United States District Court, D. Arizona
A. BOWMAN UNITED STATES MAGISTRATE JUDGE.
plaintiff, Juan Carlos Garcia, filed this action for review
of the final decision of the Commissioner for Social Security
pursuant to 42 U.S.C. § 405(g). (Doc. 1, p. 1)
Magistrate Judge presides over this case pursuant to 28
U.S.C. § 636(c) having received the written consent of
both parties. See Fed.R.Civ.P. 73; (Doc. 13)
case, the Administrative Law Judge (ALJ) failed to provide
specific, clear, and convincing reasons for discounting the
claimant's subjective symptom testimony. Accordingly,
this case is remanded for further proceedings.
23, 2014, Garcia filed an application for supplemental
security income pursuant to Title XVI of the Social Security
Act. (Tr. 99) He alleged disability beginning on April 9,
2009, due to PTSD (post-traumatic stress disorder), bipolar
disorder, anxiety, diabetes, fractured vertebrae, and high
blood pressure. (Tr. 99, 215)
application was denied initially and upon reconsideration.
(Tr. 123-126); (Tr. 133-136) Garcia requested review and
appeared with counsel at a hearing before Administrative Law
Judge (ALJ) Charles Davis on February 6, 2017. (Tr. 13) In
his decision, dated July 3, 2017, the ALJ found Garcia was
not disabled because, considering his age, education, work
experience, and residual functional capacity, he could work
as a Bench Assembler (DOT # 706.684-022), Stock Checker
Apparel (DOT # 299.667-014), or Cashier II (DOT #
211.462-010). (Tr. 105-107)
requested review, but on May 22, 2018, the Appeals Council
denied review making the decision of the ALJ the final
decision of the Commissioner. (Tr. 114-117) Garcia
subsequently filed this action seeking review of that final
decision. (Doc. 1)
Work History and Medical History
completed his GED (general equivalency degree) in 1998. (Tr.
216) His work history is somewhat sporadic. In 2001-2002,
Garcia worked at the Timber Lodge Restaurant as a cook. (Tr.
35-37) In 2005, Garcia worked at Cunningham Concrete for
“four to six months” digging ditches and tying
rebar. (Tr. 35, 38)
2009, Garcia was involved in a serious traffic accident. (Tr.
25) His vehicle was hit and rolled over. (Tr. 25) His
daughter was ejected from the vehicle and suffered a brain
injury. (Tr. 25) Garcia suffered a back injury, which
continues to cause him discomfort. (Tr. 25) For the pain, he
takes Percocet and naproxen. (Tr. 29) Garcia testified that
he has PTSD (post-traumatic stress disorder) resulting from
the accident. (Tr. 32) He is very moody and has difficulty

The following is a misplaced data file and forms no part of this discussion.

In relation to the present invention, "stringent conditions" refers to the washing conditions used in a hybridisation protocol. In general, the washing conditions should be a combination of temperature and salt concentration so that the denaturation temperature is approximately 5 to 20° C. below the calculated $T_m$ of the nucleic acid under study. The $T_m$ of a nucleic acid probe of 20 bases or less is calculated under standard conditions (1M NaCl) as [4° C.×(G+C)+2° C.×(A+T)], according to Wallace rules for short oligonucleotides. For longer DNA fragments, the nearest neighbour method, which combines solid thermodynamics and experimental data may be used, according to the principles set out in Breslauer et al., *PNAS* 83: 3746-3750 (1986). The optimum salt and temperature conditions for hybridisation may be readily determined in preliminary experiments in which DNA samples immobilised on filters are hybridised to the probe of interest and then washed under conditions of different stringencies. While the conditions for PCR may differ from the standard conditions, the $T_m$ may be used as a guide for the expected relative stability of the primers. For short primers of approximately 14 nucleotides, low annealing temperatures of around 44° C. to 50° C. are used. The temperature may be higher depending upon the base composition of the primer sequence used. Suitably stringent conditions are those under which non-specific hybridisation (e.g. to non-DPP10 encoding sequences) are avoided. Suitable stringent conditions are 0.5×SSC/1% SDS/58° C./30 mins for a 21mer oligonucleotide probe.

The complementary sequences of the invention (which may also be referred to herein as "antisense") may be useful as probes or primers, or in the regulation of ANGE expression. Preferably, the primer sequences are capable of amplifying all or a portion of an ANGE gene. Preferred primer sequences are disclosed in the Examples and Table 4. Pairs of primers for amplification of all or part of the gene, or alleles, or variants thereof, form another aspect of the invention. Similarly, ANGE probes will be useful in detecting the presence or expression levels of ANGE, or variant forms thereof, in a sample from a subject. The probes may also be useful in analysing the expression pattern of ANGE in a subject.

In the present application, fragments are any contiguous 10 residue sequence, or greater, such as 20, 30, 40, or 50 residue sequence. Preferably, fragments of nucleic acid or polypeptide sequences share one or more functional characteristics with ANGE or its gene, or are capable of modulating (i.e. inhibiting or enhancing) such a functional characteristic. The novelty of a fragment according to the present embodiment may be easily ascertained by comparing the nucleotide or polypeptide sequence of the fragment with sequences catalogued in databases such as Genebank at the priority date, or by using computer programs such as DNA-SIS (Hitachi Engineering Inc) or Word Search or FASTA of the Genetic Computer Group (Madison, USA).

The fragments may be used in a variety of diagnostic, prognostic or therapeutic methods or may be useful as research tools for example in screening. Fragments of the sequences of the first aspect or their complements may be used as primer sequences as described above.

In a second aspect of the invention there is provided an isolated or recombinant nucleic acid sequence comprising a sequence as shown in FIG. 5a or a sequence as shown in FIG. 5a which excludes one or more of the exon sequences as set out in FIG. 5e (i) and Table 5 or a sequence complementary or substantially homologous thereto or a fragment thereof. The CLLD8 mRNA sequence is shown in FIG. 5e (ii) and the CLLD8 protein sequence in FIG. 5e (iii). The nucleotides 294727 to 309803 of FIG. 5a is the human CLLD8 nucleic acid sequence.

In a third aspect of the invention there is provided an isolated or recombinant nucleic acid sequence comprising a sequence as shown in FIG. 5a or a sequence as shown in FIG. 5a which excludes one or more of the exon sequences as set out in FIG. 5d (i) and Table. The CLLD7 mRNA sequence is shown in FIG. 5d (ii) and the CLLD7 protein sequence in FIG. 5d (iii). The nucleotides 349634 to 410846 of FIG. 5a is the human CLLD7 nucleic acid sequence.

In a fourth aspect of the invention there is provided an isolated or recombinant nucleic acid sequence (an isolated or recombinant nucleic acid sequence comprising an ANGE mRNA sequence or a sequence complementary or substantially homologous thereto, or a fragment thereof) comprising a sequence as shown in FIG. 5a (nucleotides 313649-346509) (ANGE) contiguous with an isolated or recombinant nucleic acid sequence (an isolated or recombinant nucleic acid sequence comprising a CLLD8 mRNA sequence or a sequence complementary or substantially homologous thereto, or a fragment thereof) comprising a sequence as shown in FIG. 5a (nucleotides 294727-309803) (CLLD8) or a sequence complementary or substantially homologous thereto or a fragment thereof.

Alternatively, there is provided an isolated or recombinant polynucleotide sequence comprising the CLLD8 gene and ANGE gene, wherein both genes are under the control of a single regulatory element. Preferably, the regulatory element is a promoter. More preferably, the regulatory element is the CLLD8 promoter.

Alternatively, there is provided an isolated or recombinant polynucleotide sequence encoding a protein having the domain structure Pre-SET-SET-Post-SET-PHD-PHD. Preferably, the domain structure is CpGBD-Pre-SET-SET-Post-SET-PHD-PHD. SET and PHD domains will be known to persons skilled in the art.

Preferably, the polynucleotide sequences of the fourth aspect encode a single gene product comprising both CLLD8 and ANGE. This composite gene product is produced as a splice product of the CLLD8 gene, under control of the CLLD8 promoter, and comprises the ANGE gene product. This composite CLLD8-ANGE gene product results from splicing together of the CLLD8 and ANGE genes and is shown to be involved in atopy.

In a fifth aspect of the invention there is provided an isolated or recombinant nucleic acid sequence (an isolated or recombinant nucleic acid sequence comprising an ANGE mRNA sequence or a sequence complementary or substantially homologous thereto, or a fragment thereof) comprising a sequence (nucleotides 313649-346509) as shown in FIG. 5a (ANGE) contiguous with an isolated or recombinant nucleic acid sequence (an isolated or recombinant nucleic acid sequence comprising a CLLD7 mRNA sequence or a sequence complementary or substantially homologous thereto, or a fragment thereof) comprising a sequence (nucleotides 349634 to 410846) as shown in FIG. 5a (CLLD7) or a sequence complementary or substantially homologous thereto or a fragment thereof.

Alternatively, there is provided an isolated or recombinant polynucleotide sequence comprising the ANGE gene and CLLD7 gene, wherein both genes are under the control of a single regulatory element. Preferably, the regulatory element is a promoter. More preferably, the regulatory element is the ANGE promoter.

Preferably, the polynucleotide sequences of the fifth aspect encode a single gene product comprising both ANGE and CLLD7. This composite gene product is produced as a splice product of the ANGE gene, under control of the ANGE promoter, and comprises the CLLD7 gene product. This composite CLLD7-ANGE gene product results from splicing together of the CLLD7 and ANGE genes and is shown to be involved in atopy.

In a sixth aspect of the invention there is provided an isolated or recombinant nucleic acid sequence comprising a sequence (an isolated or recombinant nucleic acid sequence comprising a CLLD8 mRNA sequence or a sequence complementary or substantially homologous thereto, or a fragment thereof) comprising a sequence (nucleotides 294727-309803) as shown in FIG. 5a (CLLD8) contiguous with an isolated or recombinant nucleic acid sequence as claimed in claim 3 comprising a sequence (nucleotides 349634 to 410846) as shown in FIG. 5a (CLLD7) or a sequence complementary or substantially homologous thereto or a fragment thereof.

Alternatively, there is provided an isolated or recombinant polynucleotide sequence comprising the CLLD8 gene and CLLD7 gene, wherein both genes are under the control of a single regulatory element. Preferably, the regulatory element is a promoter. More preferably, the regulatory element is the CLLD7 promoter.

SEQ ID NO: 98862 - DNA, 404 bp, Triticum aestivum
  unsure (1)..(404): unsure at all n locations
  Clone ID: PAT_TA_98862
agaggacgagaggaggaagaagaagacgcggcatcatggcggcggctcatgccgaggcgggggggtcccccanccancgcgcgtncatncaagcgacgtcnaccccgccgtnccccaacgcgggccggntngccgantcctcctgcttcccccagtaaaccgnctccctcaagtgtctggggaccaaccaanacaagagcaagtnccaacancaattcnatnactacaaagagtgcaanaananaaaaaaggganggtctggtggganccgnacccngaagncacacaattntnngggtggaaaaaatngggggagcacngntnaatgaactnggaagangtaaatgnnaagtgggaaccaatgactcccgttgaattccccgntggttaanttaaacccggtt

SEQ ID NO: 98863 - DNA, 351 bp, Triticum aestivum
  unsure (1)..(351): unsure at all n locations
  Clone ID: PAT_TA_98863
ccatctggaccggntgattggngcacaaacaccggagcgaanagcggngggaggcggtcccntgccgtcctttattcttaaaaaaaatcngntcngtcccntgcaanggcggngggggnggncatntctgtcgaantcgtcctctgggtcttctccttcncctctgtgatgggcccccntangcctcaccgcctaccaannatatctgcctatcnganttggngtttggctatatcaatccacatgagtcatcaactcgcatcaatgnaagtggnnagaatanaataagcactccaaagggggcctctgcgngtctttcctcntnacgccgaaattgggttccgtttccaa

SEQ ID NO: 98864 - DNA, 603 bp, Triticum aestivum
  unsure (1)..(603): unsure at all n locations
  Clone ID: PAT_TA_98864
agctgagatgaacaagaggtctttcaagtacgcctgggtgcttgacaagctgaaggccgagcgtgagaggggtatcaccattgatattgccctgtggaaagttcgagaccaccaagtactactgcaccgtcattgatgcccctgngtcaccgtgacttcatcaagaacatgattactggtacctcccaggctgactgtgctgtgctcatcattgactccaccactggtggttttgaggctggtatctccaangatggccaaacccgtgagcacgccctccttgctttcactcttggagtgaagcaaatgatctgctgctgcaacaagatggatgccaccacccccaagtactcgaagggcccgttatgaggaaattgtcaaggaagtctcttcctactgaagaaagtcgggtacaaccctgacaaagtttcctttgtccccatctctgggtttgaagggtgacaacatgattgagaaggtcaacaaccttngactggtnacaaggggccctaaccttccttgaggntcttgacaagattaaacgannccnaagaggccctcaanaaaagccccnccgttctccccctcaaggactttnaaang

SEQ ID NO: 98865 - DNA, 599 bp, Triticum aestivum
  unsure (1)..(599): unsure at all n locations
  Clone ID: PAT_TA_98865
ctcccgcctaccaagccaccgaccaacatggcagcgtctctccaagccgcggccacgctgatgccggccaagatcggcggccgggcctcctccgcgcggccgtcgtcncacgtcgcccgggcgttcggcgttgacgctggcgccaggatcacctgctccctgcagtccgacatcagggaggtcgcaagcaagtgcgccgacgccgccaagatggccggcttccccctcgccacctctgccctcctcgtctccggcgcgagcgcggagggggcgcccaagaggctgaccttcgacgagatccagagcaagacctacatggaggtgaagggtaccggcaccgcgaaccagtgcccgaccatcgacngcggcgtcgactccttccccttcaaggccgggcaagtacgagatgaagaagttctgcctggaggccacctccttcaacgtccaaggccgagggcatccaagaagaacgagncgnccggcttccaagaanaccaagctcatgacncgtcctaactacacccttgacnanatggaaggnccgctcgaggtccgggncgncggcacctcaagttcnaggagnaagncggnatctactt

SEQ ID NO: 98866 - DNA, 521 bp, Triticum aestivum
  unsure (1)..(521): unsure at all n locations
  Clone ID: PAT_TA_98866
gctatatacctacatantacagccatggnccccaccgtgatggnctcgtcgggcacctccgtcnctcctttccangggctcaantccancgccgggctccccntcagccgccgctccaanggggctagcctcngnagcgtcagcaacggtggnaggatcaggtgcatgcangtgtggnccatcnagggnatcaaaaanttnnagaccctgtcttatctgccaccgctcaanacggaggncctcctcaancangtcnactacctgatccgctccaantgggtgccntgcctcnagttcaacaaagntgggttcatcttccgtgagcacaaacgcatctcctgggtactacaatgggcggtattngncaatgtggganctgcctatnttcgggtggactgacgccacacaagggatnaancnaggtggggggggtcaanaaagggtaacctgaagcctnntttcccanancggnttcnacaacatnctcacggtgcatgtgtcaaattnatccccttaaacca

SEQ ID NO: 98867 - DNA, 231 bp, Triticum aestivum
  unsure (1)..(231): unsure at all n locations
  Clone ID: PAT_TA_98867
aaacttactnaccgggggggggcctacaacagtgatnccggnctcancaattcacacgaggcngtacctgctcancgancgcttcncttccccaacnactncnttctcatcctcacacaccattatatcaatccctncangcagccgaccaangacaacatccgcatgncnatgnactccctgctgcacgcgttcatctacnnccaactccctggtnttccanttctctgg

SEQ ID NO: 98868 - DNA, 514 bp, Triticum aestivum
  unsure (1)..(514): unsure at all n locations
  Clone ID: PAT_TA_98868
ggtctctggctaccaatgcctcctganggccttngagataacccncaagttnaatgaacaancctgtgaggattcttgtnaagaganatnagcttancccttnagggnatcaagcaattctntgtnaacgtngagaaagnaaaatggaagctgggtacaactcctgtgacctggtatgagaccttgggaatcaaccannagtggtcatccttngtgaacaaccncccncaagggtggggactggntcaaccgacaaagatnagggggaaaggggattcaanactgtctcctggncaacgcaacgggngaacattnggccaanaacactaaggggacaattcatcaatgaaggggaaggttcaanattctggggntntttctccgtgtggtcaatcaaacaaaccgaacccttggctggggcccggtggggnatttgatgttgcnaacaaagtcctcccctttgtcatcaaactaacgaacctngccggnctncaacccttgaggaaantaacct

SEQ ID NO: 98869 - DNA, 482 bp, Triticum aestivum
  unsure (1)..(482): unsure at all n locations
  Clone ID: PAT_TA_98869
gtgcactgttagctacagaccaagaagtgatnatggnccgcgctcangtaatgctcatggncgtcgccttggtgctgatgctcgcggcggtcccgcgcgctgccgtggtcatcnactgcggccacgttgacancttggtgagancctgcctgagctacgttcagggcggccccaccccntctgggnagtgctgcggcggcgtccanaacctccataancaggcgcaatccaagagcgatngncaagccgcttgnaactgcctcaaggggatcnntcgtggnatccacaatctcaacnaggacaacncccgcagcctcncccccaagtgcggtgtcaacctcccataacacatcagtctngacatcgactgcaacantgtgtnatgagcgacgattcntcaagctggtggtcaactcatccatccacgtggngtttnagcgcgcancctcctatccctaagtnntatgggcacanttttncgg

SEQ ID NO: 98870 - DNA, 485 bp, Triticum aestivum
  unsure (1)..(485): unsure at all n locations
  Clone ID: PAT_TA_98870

sleeping. (Tr. 32) He takes Diazepam for anxiety, but it
causes him memory loss. (Tr. 34)
2011, he worked for six weeks at the rock and mineral show.
(Tr. 15) He helped put up tents and stock tables. (Tr. 29)
That year, he also worked as a landscaper and performed light
construction work. (Tr. 31) In 2012, he applied for work at
Acme Telemarketing, but he was not hired. (Tr. 16) At the
hearing before the ALJ, Garcia explained that he could no
longer work because of back and knee pain. (Tr. 16-17)
lives with his three children and their mother. (Tr. 18) On a
typical day, Garcia exercises in the morning and then takes a
walk. (Tr. 21) He can walk a mile, but it takes him about an
hour because he stops to stretch every quarter mile. (Tr. 21,
23) He exercises and stretches with bands and rope. (Tr. 21)
Sometimes he has good days, and sometimes, he says,
“I'm on the floor screaming on my back because
it's just too much for me . . . .” (Tr. 21) He can
load the dishwasher or do a light load of clothes,
“like towels or something.” (Tr. 20) He can do a
little bit of cooking. (Tr. 20) He does not do grocery
shopping. (Tr. 20) He does not take out the trash. (Tr. 24)
He volunteers as an usher at St. Ambrose on Sundays. (Tr. 22)
He can drive his truck to his doctors' appointments. (Tr.
22) Garcia estimates he can lift six or seven pounds. (Tr.
Williams testified at the hearing as a vocational expert.
(Tr. 34) Williams testified that a person with Garcia's
education, age, and work history, who can perform light work
and is limited to simple, routine tasks with occasional,
complex tasks with routine supervision and further limited to
frequent communications with co-workers and the general
public on a superficial work basis, could not perform any of
Garcia's past relevant work. (Tr. 39-40) Such a person
could work, however, as a Bench Assembler (DOT #
706.684-022), Stock Checker Apparel (DOT # 299.667-014), or
Cashier II (DOT # 211.462-010). (Tr. 40)
of 2010, Garcia was examined by Stephen D. Bailey, Ed.D., for
the disability determination service. (Tr. 350) Bailey
diagnosed depressive disorder and anxiety disorder. (Tr. ...